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1.  Anatomical versus Non-Anatomical Single Bundle Anterior Cruciate Ligament Reconstruction: A Cadaveric Study of Comparison of Knee Stability 
Clinics in Orthopedic Surgery  2012;4(4):249-255.
Background
The purpose of this study was to compare the initial stability of anatomical and non-anatomical single bundle anterior cruciate ligament (ACL) reconstruction and to determine which would better restore intact knee kinematics. Our hypothesis was that the initial stability of anatomical single bundle ACL reconstruction would be superior to that of non-anatomical single bundle ACL reconstruction.
Methods
Anterior tibial translation (ATT) and internal rotation of the tibia were measured with a computer navigation system in seven pairs of fresh-frozen cadaveric knees under two testing conditions (manual maximum anterior force, and a manual maximum anterior force combined with an internal rotational force). Tests were performed at 0, 30, 60, and 90 degrees of flexion with the ACL intact, the ACL transected, and after reconstruction of one side of a pair with either anatomical or non-anatomical single bundle ACL reconstruction.
Results
Under manual maximal anterior force, both reconstruction techniques showed no significant difference of ATT when compared to ACL intact knee state at 30° of knee flexion (p > 0.05). Under the combined anterior and internal rotatory force, non-anatomical single-bundle ACL reconstruction showed significant difference of ATT compared to those in ACL intact group (p < 0.05). In contrast, central anatomical single bundle ACL reconstruction showed no significant difference of ATT compared to those in ACL intact group (p > 0.05). Internal rotation of the tibia showed no significant difference in the ACL intact, the ACL transected, non-anatomical reconstructed and anatomical reconstructed knees.
Conclusions
Anatomical single bundle ACL reconstruction restored the initial stability closer to the native ACL under combined anterior and internal rotational forces when compared to non-anatomical ACL single bundle reconstruction.
doi:10.4055/cios.2012.4.4.249
PMCID: PMC3504688  PMID: 23205233
Anatomic; Non-anatomic; Anterior cruciate ligament; Transtibial; Single bundle
2.  Fracture of a Polyethylene Tibial Post in a Scorpio Posterior-Stabilized Knee Prosthesis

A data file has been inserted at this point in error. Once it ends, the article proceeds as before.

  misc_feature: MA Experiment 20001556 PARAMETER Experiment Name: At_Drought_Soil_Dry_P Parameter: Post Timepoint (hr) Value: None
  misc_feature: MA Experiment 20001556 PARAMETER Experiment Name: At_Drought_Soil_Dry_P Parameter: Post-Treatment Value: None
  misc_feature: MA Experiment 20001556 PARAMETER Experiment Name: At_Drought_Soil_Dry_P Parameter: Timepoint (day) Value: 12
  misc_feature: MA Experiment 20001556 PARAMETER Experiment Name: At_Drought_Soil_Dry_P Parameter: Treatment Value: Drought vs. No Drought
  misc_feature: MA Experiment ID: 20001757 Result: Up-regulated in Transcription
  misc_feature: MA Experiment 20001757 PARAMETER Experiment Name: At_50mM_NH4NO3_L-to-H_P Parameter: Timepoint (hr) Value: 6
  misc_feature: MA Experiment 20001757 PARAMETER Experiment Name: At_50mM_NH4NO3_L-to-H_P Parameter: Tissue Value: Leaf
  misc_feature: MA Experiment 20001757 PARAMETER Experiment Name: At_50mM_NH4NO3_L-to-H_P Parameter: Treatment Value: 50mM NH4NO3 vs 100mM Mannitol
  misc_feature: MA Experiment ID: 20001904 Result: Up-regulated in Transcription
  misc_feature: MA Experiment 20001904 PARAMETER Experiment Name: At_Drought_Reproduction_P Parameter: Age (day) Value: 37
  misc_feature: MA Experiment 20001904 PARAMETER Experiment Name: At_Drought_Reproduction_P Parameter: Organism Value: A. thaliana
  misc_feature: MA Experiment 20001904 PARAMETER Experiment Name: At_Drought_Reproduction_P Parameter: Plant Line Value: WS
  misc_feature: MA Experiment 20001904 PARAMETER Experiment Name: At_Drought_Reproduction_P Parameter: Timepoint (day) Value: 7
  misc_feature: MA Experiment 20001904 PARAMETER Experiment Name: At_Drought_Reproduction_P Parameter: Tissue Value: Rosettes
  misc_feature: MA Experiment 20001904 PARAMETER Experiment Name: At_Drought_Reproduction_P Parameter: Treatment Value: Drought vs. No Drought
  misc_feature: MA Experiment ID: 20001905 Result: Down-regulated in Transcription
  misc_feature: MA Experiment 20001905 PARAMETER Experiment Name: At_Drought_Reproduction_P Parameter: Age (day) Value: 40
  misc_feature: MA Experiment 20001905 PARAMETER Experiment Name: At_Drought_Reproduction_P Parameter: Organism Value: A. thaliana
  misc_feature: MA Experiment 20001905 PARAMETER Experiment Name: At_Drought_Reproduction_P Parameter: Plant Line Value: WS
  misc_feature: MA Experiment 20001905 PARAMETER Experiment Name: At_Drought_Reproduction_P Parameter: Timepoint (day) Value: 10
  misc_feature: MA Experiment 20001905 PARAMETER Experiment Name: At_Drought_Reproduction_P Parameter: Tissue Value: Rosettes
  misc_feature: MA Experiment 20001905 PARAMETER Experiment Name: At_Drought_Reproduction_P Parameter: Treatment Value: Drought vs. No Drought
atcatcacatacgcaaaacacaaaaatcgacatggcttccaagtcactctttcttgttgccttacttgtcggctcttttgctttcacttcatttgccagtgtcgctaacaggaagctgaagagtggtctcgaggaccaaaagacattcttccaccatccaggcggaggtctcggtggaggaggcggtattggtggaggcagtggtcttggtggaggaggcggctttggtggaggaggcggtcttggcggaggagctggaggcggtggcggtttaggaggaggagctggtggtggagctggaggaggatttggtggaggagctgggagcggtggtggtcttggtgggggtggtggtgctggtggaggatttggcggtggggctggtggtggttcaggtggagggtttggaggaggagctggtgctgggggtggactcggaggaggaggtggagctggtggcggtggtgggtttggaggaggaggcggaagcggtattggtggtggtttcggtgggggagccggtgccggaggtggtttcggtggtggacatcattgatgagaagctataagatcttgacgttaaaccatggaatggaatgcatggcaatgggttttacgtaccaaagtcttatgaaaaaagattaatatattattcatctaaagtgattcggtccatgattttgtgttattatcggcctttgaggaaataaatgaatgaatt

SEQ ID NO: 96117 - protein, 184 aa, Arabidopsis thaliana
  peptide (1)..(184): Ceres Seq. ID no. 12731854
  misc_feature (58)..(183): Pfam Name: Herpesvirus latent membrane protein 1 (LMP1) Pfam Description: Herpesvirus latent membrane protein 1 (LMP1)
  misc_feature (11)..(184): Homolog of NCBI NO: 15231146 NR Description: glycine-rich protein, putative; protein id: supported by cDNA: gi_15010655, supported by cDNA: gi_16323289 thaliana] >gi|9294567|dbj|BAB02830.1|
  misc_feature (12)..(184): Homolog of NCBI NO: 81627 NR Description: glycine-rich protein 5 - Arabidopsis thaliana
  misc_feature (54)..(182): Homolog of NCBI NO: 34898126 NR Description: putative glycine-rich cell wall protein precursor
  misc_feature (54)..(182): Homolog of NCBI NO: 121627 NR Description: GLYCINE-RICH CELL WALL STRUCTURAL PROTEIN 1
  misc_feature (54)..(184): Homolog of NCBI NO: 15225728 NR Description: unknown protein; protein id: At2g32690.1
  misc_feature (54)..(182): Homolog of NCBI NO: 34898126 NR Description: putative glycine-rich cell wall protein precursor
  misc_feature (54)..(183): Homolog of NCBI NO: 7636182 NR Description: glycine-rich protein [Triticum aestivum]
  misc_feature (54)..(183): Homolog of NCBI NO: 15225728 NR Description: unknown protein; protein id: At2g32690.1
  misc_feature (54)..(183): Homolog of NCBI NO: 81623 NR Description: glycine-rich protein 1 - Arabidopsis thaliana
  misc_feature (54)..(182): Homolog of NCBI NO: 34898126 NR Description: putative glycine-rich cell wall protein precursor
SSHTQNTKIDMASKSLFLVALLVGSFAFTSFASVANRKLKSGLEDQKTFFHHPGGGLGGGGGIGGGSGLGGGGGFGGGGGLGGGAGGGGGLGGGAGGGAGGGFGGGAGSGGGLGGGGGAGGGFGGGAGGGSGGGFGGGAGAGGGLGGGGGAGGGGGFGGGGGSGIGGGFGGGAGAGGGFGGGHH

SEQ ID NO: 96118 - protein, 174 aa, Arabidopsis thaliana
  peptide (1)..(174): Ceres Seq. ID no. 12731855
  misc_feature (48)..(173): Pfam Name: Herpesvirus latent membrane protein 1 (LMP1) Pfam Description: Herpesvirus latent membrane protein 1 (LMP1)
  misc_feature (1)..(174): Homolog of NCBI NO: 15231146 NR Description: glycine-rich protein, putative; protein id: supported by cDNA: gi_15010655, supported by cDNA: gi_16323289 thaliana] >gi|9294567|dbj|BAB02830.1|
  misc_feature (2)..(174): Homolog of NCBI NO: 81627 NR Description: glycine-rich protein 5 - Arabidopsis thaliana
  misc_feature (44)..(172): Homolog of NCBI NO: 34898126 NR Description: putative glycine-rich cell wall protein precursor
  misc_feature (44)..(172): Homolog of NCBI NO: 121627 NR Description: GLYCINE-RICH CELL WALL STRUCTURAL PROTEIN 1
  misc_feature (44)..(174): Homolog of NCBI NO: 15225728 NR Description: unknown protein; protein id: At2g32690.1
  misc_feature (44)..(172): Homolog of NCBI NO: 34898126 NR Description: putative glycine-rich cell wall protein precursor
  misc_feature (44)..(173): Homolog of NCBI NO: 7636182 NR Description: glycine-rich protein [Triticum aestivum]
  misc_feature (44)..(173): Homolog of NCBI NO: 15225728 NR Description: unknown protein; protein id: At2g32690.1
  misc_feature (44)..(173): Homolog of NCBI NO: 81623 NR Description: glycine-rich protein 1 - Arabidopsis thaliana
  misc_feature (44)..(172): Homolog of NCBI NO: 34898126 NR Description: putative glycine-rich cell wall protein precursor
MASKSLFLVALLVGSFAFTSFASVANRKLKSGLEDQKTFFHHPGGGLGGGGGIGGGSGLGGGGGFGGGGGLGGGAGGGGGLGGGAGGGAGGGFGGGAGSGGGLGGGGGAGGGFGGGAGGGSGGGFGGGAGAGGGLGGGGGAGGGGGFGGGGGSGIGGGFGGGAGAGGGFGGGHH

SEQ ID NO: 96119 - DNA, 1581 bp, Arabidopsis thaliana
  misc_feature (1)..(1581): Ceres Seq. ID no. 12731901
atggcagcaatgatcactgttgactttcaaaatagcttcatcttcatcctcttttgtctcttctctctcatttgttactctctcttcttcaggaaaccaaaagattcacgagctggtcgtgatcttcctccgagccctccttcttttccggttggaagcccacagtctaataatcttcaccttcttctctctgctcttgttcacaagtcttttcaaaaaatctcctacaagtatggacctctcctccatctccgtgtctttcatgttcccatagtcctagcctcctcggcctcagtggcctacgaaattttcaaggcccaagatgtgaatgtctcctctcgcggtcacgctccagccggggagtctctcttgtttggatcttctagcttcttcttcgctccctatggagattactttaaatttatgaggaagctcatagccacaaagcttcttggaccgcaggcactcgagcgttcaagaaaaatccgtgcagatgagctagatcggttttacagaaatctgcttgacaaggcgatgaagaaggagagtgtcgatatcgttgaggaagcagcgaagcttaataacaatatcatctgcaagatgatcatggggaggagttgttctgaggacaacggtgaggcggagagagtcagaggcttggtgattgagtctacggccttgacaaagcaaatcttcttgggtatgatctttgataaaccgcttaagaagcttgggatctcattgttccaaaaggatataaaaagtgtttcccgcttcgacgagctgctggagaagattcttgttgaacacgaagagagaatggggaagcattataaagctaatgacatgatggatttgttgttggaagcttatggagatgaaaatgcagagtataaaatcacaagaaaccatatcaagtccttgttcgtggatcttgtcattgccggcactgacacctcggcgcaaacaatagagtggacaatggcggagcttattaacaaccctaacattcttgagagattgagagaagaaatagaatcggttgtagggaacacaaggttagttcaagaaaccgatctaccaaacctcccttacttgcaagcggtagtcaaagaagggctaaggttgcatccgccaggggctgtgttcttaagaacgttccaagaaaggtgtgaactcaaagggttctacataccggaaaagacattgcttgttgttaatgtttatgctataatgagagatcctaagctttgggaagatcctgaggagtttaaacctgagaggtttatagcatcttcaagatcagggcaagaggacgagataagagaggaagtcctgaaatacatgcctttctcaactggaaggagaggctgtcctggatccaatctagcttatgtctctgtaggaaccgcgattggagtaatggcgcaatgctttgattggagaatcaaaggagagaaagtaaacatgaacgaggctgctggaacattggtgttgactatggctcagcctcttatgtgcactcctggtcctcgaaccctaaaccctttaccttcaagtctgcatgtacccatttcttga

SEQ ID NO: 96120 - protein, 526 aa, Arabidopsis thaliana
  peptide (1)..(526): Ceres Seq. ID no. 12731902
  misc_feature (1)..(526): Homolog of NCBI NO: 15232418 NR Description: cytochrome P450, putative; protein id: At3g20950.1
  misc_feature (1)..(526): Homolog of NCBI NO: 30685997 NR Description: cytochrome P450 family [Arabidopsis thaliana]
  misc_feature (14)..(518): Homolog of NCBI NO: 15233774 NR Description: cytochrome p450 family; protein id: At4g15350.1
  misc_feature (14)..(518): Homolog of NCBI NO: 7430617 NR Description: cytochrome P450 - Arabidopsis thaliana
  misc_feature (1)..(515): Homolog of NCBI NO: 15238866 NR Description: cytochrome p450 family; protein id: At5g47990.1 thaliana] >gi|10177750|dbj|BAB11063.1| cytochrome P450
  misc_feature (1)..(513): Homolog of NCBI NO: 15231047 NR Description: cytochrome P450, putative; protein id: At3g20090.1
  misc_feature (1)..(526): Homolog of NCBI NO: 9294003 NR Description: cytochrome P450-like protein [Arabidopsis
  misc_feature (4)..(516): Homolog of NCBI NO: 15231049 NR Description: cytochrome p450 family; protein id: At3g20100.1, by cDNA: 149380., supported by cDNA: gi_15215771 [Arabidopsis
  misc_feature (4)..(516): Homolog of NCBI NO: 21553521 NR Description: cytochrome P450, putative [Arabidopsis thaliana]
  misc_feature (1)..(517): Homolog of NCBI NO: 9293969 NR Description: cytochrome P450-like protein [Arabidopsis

Clinics in Orthopedic Surgery  2009;1(2):118-121.
We report the case of a polyethylene tibial post fracture in a 72-year-old woman 14 months after a Scorpio posterior-stabilized (PS) total knee arthroplasty. The polyethylene wear was found around the fracture site of the post, especially over the anterior aspect of the post base. The failure mechanism of the post fracture in the present case was anterior impingement with excessive wear over the base of the anterior aspect of the tibial post, which became a stress-riser of post and cam articulation. This is the first report of a polyethylene tibial post fracture of a Scorpio PS prosthesis.
doi:10.4055/cios.2009.1.2.118
PMCID: PMC2766758  PMID: 19885065
Total knee arthroplasty; Posterior-stabilized; Anterior impingement; Polyethylene wear; Post fracture
3.  Impact of patellar height on unicompartment knee arthroplasty: does patella baja lead to an inferior outcome? 
Background
Though a number of series with long-term results have been published, there is still a paucity of literature on the role of patellar height after unicompartment knee arthroplasty (UKA). The present study was conducted with a hypothesis that patella baja may lead to a poor outcome at follow-up.
Materials and methods
A retrospective review of 134 knees was performed and patellar height calculated before and after UKA by Blackburne-Peel index (BPI) and the Insall-Salvati ratio (ISR) on true lateral radiographs of the patients in 30° of flexion taken pre-operatively and at 1 year, 2 years and final follow-up (minimum 5 years). Statistical analysis was performed to evaluate the outcomes.
Results
There was a decrease in ISR in 14.18 % and in BPI in 19.4 % at final follow-up. There was a significant decrease in BPI values while the decrease was not significant for ISR. After eliminating the pre-operative patella baja, 7.3 % developed post-operative patella baja, according to ISR, while 11.5 % developed patella baja as per BPI. At final follow-up there was a statistically significant decrease in stair climbing scores in patients with patella baja when compared to patients with normal ISR.
Conclusion